National Aquarium in Baltimore: A Case of Marine Life Online

Page 1 of 2

A city-owned nonprofit dedicated to environmental education and stewardship, the 265,000-square-foot National Aquarium in Baltimore (NAIB) houses more than 15,000 animals representing some 650 species of amphibians, birds, fish, invertebrates, marine mammals, and reptiles. More than 1.6 million tourists and locals visit NAIB each year to explore re-created habitats and exhibits on topics both local and exotic. Often credited with helping to transform Baltimore's Inner Harbor from a blight-stricken port area into one of Maryland's most popular attractions, NAIB will celebrate its 25th anniversary in August.

NAIB has had a Web presence for just over a decade, but until 2002, operated without a formal information architecture or an internal means of supporting it. All content management-related tasks were outsourced, forcing the aquarium's content contributors—including PR and marketing representatives, sales personnel, and marine biologists—to communicate tweaks or new content to IT staff, who then forwarded the information to the service provider. Once changes were made, IT staff asked contributors, known internally as business owners, to review and approve the changes or request additional edits. "We have plenty of horror stories from the days of updating our Web content without a CMS," recalls CTO Hans Keller, describing a "constant back-and-forth process" that taxed financial and staff resources, as well as the patience of everyone involved. By 2001, NAIB's ten-person IT team had resolved that the site needed a new skeleton—one that would permit aquarium staff to take control of the site's content once and for all.

A Hummingbird, Ltd., subsidiary since June 2005, New York City-based RedDot delivers Web and enterprise CM solutions—including XCMS (Extended Content Management Solution), RedDot CMS, and RedDot LiveServer—to more than 1,600 customers. Although the company's history dates to August 1993, with the founding of INFOTIP Informationssyteme GmbH & Co. KG in Oldenburg, Germany, it didn't adopt the RedDot moniker until April 2001. According to director of business development and technology Darren Guarnaccia, RedDot's niche is mid-market companies that have "all of the same problems of bigger companies without the big IT budgets and manpower."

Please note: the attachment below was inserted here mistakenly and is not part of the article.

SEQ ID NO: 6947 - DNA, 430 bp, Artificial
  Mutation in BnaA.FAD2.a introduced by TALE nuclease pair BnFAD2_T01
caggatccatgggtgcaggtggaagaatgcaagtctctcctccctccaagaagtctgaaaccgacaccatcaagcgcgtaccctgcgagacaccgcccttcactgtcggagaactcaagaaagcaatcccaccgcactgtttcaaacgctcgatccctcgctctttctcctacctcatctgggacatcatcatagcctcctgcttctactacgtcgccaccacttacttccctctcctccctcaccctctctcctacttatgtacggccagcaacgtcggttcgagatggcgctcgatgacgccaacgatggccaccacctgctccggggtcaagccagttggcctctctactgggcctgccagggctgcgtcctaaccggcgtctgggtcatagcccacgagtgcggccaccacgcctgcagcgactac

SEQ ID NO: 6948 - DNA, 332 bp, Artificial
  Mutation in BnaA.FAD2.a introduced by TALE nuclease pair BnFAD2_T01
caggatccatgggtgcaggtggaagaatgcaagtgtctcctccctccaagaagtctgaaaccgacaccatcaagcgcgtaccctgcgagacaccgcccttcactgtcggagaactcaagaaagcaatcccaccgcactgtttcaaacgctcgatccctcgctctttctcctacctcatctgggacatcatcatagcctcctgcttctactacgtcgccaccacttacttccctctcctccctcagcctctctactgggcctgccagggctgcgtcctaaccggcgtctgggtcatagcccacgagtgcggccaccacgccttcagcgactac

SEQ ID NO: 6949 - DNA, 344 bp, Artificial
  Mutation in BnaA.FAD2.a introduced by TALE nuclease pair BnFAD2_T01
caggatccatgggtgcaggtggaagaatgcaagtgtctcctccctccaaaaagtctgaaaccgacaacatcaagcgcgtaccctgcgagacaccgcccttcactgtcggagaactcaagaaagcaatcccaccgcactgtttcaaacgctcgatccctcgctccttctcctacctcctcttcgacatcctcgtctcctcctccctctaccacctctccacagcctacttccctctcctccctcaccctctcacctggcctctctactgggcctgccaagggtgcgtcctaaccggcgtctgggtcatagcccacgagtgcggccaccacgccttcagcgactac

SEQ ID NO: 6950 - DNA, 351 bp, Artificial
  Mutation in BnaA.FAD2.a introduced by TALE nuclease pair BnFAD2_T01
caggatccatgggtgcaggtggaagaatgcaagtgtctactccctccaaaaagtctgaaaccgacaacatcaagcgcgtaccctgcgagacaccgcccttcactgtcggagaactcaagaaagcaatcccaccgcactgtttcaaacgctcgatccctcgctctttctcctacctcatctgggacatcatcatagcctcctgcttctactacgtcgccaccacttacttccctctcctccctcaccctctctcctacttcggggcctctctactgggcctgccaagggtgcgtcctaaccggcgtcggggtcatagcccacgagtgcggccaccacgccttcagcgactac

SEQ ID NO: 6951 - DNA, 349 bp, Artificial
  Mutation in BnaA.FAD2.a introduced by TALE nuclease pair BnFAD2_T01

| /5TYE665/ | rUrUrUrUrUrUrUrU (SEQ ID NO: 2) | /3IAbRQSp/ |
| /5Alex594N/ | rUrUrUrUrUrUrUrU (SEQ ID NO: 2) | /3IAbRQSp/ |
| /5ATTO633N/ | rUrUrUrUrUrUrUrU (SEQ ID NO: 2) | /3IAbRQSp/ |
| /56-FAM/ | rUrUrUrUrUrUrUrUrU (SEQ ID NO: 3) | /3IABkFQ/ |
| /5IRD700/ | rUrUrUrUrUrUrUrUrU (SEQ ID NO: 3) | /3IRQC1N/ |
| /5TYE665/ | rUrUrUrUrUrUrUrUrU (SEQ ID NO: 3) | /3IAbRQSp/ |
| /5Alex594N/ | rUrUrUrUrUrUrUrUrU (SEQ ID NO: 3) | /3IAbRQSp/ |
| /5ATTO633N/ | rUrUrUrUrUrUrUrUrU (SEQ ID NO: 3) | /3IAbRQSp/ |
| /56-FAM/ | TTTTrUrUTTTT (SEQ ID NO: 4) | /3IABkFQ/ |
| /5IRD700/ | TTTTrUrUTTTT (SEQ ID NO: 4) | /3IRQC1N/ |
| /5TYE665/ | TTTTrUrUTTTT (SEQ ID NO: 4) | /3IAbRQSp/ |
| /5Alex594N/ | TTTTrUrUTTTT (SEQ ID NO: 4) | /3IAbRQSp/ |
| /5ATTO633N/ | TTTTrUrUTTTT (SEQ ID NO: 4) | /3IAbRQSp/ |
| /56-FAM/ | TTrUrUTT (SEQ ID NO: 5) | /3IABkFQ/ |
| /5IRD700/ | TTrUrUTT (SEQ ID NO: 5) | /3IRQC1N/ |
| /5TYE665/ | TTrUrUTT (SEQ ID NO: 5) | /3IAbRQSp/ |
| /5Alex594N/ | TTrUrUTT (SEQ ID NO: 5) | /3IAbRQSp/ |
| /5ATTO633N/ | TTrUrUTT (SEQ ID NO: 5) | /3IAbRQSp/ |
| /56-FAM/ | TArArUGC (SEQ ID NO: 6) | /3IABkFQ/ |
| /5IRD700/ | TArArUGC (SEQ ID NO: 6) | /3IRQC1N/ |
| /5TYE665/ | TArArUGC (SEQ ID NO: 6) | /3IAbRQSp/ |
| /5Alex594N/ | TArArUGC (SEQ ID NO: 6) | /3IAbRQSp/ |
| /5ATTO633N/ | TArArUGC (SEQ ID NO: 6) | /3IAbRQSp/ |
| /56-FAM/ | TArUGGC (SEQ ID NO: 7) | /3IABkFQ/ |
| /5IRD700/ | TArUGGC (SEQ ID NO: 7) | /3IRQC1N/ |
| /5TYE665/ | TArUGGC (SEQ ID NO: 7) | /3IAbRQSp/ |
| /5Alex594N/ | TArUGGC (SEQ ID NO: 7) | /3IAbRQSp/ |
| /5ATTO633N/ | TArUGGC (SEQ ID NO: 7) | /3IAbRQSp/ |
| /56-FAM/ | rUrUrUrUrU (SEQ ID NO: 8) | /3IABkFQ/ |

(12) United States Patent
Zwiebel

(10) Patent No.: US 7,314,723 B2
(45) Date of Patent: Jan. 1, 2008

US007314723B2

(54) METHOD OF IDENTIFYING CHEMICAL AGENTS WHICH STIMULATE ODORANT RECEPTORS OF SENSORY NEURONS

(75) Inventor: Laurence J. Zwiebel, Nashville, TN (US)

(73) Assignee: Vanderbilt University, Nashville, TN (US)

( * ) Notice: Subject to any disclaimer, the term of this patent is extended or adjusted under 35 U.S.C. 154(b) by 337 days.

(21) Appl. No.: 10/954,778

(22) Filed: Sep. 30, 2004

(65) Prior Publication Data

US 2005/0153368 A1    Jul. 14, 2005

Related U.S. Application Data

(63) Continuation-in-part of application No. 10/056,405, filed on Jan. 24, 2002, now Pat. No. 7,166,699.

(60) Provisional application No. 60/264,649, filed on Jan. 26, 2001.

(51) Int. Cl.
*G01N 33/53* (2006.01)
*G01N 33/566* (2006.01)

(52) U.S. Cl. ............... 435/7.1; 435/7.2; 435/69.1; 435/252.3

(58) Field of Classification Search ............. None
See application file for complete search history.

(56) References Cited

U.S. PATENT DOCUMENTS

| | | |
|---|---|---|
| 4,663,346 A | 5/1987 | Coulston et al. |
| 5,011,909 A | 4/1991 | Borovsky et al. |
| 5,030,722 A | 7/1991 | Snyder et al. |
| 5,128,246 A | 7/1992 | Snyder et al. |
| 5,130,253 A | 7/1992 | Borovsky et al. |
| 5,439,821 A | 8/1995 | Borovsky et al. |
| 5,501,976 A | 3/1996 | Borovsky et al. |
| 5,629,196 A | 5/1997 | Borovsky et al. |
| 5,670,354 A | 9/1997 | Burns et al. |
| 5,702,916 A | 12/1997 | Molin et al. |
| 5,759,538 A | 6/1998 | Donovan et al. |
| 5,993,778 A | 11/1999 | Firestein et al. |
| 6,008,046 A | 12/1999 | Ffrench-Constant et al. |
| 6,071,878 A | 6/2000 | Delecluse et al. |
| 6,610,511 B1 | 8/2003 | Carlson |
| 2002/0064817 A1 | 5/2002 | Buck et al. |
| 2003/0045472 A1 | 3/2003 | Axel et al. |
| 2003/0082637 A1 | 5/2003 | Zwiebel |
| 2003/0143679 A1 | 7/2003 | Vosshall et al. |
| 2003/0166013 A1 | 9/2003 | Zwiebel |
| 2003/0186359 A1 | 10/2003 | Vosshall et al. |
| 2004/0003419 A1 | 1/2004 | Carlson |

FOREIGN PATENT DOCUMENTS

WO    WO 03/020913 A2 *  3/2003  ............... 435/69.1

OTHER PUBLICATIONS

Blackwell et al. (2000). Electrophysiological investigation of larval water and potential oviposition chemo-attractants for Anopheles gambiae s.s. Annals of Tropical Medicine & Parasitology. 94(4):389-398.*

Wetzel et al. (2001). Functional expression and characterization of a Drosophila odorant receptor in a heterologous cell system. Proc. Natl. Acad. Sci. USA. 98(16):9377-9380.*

THE PROBLEM IN DEPTH visitors are told that the site "seeks to create lasting connections between people and the aquatic world, to set the stage for a visit to the aquarium, and to foster knowledge about the aquatic world and its interrelationship with all of us." But the of 2006 is very different from the site that debuted ten years ago. Regular surfers surely have noticed the aesthetic changes—the graphic redesign launched last December; the addition of fun, Web-only content; the structural streamlining that created a text-based navigation system. What they probably couldn't

"By the time they came to us, they were looking for a way out," Guarnaccia says of the circumstances that brought NAIB and RedDot together. "They had a fairly large problem. As a nonprofit, NAIB runs lean in terms of its IT staff, who must manage the aquarium's intranet and Internet properties in addition to all of the other applications that keep things running."

Keller says the go-between role IT was forced to play took its toll over time. Contributors were frustrated by the pace at which changes were implemented, IT personnel were pulled in multiple directions, and staff had no control over how or when the site was managed. "We definitely needed a CMS," Keller says. Adds Guarnaccia, "They needed to manage content in a more meaningful way."

Page 1 of 2